Plenty on hand to fill new roles, holes for Kubasaki
CAMP FOSTER, Okinawa – Isaiah Johnson spent last season catching passes from the Pacific’s leader in total offense. When Kubasaki begins its 2015 campaign Friday at Kadena, he’ll take his turn on the opposite end of the Dragons’ passing game.
The senior engaged in a spirited battle for the job during spring workouts and again during summer camp with fellow veteran receiver Jacob Green, and won the starting job. He’ll be under center and in the shotgun when the Dragons tee it up with the Panthers; kickoff is at 6 p.m.
Among the things Johnson brings to the table is “senior leadership,” longtime Dragons coach Fred Bales said. “He’s an explosive athlete with a strong arm and he’s a good decision-maker.” He and Green have “great football IQs and a lot of ability.”
It may be a tall order to replace the yardage and touchdown totals of Johnson’s predecessor, DeCurtis Davis (1,543 yards, 27 touchdowns). While Davis’ numbers may not be duplicated, Johnson and Green are “different types of talents,” Bales said.
Johnson will serve as trigger man for a Kubasaki team flush in bodies, veterans and new blood alike – 60 players turned out for Bales, in his 11th season at the Dragons’ helm and his 38th year of coaching overall – with 25 players returning, the most he’s had in awhile, nine of them starters.
Bales invoked the word “solid” repeatedly to describe both his cadre of skills-positions players and the veterans in the line.
“We had a concern about our wideouts, but we got in some new help,” Bales said of people like Miles Mahlock, who came over from soccer.
Losing linemen Josiah Allen and Christian Fernandez could have hurt, but enough linemen return that the interior “will be solid,” Bales said.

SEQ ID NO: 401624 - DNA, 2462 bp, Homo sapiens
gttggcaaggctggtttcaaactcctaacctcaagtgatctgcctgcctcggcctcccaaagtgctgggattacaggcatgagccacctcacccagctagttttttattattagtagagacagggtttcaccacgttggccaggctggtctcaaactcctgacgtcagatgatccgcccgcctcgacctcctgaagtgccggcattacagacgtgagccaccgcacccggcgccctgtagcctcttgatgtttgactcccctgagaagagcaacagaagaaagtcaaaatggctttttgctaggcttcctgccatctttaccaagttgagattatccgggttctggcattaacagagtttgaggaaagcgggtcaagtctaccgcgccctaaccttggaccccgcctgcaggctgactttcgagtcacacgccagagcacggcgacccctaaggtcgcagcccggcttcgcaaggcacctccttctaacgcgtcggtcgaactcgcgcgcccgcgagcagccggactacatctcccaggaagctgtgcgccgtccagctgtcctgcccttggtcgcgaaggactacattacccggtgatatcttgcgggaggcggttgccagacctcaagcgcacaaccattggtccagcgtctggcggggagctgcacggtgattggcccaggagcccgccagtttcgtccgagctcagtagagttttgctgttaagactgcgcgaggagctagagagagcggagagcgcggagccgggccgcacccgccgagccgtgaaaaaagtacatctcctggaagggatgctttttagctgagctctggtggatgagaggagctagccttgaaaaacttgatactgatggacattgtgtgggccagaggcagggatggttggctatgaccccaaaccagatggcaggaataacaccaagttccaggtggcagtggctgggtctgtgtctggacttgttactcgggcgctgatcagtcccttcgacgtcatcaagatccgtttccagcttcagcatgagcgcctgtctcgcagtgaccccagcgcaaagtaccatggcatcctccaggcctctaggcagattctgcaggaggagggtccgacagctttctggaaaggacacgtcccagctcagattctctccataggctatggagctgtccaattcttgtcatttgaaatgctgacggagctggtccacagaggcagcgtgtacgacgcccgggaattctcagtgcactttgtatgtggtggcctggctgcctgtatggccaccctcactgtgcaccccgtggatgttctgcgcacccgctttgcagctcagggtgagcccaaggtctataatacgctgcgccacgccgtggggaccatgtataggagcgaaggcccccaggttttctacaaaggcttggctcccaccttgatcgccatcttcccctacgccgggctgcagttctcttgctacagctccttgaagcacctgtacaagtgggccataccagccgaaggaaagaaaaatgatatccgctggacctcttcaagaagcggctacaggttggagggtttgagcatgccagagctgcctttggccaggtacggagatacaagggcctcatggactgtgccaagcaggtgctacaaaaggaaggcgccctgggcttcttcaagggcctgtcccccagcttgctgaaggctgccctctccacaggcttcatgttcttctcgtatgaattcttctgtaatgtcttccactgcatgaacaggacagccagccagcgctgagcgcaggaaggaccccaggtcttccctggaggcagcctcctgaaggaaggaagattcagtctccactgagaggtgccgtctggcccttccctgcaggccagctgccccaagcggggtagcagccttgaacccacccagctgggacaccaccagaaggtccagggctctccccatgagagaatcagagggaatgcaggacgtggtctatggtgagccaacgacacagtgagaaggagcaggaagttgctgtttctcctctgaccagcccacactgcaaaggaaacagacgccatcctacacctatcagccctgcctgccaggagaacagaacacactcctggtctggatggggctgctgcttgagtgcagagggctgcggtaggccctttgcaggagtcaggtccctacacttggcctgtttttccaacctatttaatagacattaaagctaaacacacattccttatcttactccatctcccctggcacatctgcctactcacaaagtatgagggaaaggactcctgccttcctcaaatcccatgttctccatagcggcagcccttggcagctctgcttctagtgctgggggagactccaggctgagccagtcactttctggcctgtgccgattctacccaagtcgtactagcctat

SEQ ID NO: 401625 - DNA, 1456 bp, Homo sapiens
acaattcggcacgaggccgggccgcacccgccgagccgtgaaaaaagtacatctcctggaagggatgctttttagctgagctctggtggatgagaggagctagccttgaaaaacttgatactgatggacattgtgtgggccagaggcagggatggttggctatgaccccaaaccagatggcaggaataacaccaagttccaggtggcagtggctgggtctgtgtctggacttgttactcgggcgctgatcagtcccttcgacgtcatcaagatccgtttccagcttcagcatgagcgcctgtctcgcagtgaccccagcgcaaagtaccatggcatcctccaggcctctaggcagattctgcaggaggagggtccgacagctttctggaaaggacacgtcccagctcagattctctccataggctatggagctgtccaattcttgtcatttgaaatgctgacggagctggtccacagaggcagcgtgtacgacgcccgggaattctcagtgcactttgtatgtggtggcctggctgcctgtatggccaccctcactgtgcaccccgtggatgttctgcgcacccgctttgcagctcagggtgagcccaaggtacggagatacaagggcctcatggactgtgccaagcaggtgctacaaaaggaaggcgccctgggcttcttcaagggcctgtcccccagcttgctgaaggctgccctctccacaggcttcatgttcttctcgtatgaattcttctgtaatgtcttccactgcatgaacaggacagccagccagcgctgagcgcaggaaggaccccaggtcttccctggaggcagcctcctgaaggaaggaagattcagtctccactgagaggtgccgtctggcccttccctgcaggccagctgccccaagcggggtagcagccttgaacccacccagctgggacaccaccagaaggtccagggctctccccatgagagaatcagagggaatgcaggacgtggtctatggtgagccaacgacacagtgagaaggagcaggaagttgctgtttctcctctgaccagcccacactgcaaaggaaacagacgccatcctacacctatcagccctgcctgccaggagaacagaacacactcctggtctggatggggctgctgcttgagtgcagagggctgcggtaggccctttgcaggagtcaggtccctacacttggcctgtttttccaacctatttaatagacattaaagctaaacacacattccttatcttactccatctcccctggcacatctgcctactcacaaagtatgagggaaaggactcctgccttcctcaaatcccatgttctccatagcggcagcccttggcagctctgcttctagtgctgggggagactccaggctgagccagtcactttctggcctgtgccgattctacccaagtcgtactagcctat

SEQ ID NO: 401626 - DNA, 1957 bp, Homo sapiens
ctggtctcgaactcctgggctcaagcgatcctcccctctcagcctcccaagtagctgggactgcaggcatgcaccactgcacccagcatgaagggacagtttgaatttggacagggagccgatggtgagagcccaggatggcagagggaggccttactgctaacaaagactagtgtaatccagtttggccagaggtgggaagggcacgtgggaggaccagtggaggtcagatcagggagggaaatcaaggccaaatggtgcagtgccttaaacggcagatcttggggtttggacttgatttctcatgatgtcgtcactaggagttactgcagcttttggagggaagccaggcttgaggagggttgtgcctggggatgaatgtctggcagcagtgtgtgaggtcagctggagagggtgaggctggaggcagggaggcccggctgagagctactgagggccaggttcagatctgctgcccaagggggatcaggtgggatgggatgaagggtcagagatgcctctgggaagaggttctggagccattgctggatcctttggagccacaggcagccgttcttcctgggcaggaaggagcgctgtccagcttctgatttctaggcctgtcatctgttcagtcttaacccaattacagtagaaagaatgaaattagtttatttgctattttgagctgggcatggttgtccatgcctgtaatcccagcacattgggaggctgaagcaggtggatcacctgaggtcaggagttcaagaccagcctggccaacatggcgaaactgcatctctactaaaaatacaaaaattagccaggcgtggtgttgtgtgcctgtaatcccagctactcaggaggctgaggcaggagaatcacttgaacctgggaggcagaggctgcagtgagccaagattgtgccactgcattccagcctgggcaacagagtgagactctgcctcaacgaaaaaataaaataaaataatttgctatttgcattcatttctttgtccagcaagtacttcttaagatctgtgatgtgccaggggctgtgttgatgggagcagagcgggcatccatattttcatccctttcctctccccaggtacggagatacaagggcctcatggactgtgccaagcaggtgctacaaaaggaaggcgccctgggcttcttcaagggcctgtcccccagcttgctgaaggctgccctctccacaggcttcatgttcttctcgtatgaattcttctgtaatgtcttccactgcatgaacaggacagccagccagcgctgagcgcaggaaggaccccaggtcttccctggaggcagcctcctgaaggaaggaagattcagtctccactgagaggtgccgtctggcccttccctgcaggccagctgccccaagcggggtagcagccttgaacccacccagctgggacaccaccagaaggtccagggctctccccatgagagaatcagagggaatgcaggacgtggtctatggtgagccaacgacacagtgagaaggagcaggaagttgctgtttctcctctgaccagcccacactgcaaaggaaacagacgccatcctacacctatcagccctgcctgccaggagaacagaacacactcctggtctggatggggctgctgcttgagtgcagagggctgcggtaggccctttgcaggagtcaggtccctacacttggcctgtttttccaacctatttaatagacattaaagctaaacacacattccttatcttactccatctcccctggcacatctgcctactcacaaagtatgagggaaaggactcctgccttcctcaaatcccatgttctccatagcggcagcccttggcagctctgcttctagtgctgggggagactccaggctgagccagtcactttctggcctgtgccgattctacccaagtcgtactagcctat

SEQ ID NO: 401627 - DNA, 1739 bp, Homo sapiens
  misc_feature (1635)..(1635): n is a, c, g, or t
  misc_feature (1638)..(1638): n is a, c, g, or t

In Mahlock, who stands 6 feet tall but gets great hang time, the Dragons present matchup problems in the passing game. Jailen Pa’u, another senior, lines up at the other receiver slot. Javohn Journigan, a junior, will likely line up in the backfield after playing receiver a year ago; Lester Parker, a sophomore, might join him in the backfield. “He’s a bullet,” Bales said.
Malock is “the fastest human being at Kubasaki,” Bales said. “He’s a talent. He can do anything you need him to and he’s a great kid. He’s going to put some pop and sizzle in our kicking game, which we’ve really needed.”
Anchoring the line is a senior triad of Gary Turner, Caleb Sablan and Kyree Smith, with senior Preston Snyder, the team’s leader in fumble recoveries last year, lining up at defensive end. Junior lineman Antony Gomez will be a “force in the middle” when he returns from injury, Bales said.
If there’s a concern in Dragonland, as Bales calls it, it’s how to replace departed linebackers such as Sho Green. The only returning linebacker is Marcus Lee.
“We’re solid in the back and front, but the turnover in the linebacker core, that’s a concern,” Bales said. “We also have to get better in special teams.”
Comparatively speaking, the last four seasons have been successful ones for Kubasaki; the Dragons have reached four straight Far East Division I title games, but have only won one of them, 34-31 in overtime in 2013 at Kadena. They won the Okinawa district last year, but lost the D-I title game 41-27 to Kadena on their home turf.
“I think we’re going to have a solid team,” Bales said. “I’m not predicting an order of finish, but I’m excited. I’m optimistic. We have reason to be.”